A private window

Hey hey laaaaadies! (And men. Hello Dad!) How are you this fine Thursday? Today I’m sharing a super simple project that solved an age-old problem for us.

See, we live in a neighborhood. Like, a real, suburban neighborhood with houses next to us. (That gives some people the shivers, I know.) Our bathroom window is one of those that doesn’t open. (And I still don’t understand why. Moisture issues I think? But wouldn’t it be better to be able to open it and let moisture out?) Deep questions people.

So this window has been a thorn in our side for going on nine years now. Of course we love the natural light, it’s great, cause the other light in that bathroom stinks. But at night I feel like I’m in a fishbowl – not so much because of our neighbors, but because houses across the street can see in.

Now, who knows if they can really see in, it’s not a short distance. But at night when I don’t want to be seen, I feel like I can be seen, so there’s lots of ducking and rolling. OK, just ducking – but I do it without even realizing anymore.

I know I could do window treatments, but I don’t feel like they look right there. And we have had blinds, but you have to climb into the tub to put them down:

See? Neighbors. No, I can’t reach out and touch them, it just looks like it.

Years ago I was looking for a solution to cover the glass on our pantry door:

pretty pantry stenciled walls

I wanted something that would hide the food but would also let some light through (I installed rope lights around the inside of the pantry door).

So a few of you suggested regular clear contact paper and it worked like a charm. It was a total pain in the butt to install on those window panes, but it works PERFECTLY. (I shared how I did that here.)

There is window vinyl you can buy at the hardware store, but it is a.) expensive and b.) not always the prettiest. This regular old contact paper was a few bucks for a HUGE roll and will last me a very long time:

contact paper private window

So anyway, I decided to use it on the bathroom window. Thing is, it wasn’t wide enough. To make it work I decided to cut it in three horizontal strips to kind of match up with the window panes. I just held it up and marked with a pencil where I needed to cut, then laid it down on the floor and used a steady hand and scissors:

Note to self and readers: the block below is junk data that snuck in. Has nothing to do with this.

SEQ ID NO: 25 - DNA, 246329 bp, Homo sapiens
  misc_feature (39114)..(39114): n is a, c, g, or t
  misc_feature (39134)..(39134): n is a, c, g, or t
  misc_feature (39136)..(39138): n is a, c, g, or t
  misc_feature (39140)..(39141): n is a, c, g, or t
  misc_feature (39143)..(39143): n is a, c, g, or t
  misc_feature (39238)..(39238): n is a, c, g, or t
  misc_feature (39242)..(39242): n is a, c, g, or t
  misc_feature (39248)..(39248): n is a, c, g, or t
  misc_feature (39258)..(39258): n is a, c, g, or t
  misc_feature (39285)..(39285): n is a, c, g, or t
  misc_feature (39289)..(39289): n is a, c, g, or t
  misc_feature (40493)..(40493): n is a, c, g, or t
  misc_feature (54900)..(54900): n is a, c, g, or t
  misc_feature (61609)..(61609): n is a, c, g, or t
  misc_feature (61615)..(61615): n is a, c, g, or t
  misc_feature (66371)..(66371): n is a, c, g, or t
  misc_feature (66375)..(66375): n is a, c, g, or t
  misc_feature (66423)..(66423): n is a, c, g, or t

Excuse me. A steady hand and scissors:


I was going to try cutting it with my paper cutter to get a nice clean cut, but the piece I needed was much longer than the cutter. The lines aren’t perfect doing it with scissors but thankfully you really can’t tell.

It’s super easy to install this stuff – the trick is getting it on there right when you start. Just spray the window with water:

applying contact paper to window

And if you’re smarter than me, wash the window first. I ain’t got time for that. ;)

Don’t be stingy with the water. Spray it on good. Then tear a bit of the paper off the end of the contact paper:

contact paper private window

And line it up and push it on, over the watery glass:

applying contact paper to window

Then you can start peeling the rest of the paper off the back and smoothing it out with  your hand as you go across the window. I thought it might be a pain to get it straight but it went on perfectly.

This is one of those rare projects that I thought would be easy and it was. Usually when those thoughts go through my head I’m in trouble. 

When the contact paper is on the window, you’ll freak out a little and curse me and yell hey Sarah I thought you said this was easy, this looks like crap!!

Relax. You’ll have bubbles, lots of them:

applying contact paper to window

You’ll need something with a straight edge to smooth them out:

applying contact paper to window applying contact paper to window

I just use a pan scraper. Just make sure it’s got a clean edge with no raggedy things that can tear or scratch the contact paper/vinyl.

Just smooth them out – this part takes the longest, but it’s not bad. This is why you want a wet window, so you can easily push all those bubbles out from underneath.

I installed three horizontally just because I figured vertically might look jail-like. :) It turned out better than I even expected – it still lets all the light through and I can walk around in my bathroom after a shower without ducking.

And everyone is thankful for that, just saying: contact paper private window

I took the old blinds down and that actually lets even a little more light in.

If you’ve ever tried to take a picture of a window during the day, you know its nearly impossible, so forgive me that you can’t see more detail.

Here’s a before and after just to give you an idea:

 contact paper private window

Sometimes it truly is the little things that make such a big difference. My husband was SO excited about this small change, I don’t know why we waited so dang long to do it!!

Here it is at night, so you can get a better view of how it looks:

contact paper private window

A private window, for pennies. Can’t beat it! I still have a TON of this stuff left, I’m on the look out for other projects.

Do you have a window that lets in light but you still want covered? This would be PERFECT for side lights by a front door, or maybe even glass in a door? (Allison put this over a window by her front door and it worked GREAT.) If we ever add glass to our front door I’ll be doing something like this.

I bet it would look great if you have glass doors on your kitchen cabinets too. You know, for those cabinets that aren’t perfectly pretty inside?

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